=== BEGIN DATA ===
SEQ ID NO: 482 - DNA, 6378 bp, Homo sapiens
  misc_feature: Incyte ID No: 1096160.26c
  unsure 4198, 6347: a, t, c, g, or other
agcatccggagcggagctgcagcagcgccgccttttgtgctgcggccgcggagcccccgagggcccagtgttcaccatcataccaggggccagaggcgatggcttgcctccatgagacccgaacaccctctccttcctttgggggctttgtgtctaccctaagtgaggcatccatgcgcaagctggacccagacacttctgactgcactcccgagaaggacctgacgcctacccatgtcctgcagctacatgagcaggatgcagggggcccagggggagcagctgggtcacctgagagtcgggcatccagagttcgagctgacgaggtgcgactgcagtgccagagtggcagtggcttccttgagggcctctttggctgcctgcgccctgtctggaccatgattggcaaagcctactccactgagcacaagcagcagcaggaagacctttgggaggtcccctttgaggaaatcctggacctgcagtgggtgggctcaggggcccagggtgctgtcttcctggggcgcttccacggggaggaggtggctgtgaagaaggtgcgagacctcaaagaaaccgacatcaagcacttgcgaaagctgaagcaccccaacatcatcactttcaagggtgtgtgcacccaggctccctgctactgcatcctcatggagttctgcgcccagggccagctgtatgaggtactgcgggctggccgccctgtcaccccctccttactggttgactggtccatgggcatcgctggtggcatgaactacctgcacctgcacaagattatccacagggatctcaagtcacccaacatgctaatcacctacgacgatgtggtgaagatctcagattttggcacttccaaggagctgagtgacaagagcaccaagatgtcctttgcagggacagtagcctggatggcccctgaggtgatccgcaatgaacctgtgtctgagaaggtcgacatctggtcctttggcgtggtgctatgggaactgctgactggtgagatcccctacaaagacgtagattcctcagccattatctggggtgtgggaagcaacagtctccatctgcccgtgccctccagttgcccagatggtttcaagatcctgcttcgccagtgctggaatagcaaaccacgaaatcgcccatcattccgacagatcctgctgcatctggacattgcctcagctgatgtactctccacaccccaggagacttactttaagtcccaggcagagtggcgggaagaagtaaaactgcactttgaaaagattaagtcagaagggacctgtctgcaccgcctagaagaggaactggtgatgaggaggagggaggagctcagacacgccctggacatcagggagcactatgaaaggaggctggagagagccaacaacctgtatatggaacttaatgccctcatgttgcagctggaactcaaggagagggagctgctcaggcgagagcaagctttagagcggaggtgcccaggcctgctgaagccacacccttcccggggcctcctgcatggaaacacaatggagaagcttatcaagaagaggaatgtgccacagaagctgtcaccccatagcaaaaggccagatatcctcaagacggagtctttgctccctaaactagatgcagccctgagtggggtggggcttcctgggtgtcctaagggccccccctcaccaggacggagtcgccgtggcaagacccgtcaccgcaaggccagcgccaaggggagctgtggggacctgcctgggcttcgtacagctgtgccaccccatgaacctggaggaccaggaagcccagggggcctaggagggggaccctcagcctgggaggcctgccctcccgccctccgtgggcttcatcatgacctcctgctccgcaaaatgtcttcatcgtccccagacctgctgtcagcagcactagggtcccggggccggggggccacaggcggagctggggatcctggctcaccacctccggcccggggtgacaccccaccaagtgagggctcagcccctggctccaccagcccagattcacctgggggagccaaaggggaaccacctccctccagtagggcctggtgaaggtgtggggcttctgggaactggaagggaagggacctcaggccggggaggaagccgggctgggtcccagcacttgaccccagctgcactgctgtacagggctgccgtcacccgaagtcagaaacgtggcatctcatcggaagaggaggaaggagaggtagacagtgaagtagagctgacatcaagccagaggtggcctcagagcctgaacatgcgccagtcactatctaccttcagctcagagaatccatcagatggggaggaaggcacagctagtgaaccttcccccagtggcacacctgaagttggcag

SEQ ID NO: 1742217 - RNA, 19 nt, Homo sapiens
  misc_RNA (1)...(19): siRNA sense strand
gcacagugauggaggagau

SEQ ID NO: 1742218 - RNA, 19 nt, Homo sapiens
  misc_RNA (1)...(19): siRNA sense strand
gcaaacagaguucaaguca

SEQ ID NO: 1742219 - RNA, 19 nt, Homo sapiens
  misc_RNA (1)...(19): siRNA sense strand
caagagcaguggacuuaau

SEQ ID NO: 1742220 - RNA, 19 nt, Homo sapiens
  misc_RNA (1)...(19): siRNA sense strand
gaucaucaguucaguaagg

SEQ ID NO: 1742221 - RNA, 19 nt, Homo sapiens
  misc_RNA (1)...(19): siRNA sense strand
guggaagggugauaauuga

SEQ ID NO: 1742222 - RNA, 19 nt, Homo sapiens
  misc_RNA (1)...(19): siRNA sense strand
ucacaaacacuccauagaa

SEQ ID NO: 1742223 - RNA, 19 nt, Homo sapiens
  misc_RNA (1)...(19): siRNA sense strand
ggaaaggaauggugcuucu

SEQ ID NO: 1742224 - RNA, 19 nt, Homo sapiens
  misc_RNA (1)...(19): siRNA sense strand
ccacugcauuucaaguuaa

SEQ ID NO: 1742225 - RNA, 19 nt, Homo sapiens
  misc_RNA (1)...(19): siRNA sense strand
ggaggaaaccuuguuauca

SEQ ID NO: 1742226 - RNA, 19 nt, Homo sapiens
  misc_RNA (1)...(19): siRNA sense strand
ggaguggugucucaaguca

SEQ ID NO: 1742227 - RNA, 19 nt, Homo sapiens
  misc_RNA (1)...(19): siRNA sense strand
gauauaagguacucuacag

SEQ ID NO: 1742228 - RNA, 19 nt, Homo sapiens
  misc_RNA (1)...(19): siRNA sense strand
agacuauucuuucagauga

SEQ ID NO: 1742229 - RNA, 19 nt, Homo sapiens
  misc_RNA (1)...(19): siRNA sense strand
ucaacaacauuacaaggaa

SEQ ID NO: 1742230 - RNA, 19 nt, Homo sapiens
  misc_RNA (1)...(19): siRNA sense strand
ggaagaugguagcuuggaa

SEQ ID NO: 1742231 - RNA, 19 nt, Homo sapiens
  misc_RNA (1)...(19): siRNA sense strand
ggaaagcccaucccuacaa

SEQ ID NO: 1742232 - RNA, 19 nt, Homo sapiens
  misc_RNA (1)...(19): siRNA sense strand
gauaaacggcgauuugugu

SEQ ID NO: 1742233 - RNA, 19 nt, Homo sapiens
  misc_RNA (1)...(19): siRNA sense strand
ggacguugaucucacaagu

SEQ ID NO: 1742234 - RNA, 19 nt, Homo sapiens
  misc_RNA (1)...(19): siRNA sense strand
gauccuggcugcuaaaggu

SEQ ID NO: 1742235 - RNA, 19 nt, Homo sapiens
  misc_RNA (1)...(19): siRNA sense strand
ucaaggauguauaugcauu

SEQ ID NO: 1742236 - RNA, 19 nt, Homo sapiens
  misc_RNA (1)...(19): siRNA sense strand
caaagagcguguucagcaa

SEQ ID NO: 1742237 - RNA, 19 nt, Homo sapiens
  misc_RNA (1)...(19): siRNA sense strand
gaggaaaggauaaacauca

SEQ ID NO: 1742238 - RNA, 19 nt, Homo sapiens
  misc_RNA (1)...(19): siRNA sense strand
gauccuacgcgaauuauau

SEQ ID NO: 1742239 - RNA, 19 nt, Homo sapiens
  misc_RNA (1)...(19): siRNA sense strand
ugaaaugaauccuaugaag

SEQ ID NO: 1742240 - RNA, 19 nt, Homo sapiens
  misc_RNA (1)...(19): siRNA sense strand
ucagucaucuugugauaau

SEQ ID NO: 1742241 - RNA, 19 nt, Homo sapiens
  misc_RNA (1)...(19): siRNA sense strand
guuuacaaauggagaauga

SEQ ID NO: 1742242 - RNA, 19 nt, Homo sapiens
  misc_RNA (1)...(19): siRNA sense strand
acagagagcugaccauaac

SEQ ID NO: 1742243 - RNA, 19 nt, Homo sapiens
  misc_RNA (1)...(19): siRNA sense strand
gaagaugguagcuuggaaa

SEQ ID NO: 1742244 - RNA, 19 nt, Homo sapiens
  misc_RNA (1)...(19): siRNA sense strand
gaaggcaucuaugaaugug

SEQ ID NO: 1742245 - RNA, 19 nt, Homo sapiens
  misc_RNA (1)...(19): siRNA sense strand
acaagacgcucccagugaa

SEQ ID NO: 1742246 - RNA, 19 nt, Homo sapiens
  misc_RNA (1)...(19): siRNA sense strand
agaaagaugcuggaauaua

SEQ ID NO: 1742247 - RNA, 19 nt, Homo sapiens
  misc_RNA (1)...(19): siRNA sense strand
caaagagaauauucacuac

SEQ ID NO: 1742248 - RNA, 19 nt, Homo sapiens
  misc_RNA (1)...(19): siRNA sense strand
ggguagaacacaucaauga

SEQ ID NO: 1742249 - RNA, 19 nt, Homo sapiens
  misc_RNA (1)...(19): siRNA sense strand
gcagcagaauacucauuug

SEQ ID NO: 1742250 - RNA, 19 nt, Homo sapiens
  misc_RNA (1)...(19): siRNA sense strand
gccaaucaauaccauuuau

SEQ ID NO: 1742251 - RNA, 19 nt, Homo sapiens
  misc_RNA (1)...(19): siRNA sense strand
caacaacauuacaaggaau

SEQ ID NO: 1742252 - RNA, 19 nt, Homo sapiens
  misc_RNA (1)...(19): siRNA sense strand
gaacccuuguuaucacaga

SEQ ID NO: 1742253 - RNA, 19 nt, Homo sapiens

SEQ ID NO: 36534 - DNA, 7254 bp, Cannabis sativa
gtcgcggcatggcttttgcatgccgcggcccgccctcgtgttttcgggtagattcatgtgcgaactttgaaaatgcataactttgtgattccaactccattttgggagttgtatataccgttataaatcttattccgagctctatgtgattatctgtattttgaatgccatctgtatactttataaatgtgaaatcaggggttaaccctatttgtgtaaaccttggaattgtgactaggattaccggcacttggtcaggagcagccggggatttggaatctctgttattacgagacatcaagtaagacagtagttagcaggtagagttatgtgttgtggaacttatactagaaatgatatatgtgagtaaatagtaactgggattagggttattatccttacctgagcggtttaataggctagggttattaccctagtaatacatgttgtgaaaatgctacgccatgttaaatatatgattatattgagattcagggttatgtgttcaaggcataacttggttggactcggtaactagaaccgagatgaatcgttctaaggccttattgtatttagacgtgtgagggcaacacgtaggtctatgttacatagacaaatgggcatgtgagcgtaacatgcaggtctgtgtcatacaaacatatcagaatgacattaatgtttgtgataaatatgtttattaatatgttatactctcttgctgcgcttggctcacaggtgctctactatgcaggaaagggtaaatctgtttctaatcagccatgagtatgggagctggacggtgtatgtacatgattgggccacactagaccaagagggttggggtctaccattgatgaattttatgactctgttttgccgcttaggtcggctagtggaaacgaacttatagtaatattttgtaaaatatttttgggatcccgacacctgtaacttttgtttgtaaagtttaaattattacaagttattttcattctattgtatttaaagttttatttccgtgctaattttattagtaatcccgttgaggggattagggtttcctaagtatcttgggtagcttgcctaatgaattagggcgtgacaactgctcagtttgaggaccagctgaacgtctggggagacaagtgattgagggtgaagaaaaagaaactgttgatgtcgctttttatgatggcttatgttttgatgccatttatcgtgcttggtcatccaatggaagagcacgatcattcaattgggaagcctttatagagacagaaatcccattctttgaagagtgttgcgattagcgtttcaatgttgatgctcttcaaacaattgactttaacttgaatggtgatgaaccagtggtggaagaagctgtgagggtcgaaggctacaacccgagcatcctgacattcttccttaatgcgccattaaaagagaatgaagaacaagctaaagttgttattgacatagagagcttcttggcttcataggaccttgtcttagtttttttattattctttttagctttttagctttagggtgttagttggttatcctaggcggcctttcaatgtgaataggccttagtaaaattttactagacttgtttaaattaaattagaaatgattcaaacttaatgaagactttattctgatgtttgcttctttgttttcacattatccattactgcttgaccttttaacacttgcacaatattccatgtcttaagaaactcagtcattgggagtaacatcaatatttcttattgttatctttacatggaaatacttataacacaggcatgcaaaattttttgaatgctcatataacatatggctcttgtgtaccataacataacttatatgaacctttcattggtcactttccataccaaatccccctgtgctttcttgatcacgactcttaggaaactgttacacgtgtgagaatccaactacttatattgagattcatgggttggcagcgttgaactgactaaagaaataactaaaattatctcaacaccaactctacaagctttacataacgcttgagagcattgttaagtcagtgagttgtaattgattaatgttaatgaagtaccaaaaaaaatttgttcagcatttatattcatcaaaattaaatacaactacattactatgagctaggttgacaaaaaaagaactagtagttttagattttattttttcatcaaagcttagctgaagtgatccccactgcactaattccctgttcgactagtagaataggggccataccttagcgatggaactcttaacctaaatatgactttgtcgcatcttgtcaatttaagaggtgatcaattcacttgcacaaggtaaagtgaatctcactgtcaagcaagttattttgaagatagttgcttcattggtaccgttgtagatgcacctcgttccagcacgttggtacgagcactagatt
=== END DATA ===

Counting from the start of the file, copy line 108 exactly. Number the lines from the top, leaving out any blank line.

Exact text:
  misc_RNA (1)...(19): siRNA sense strand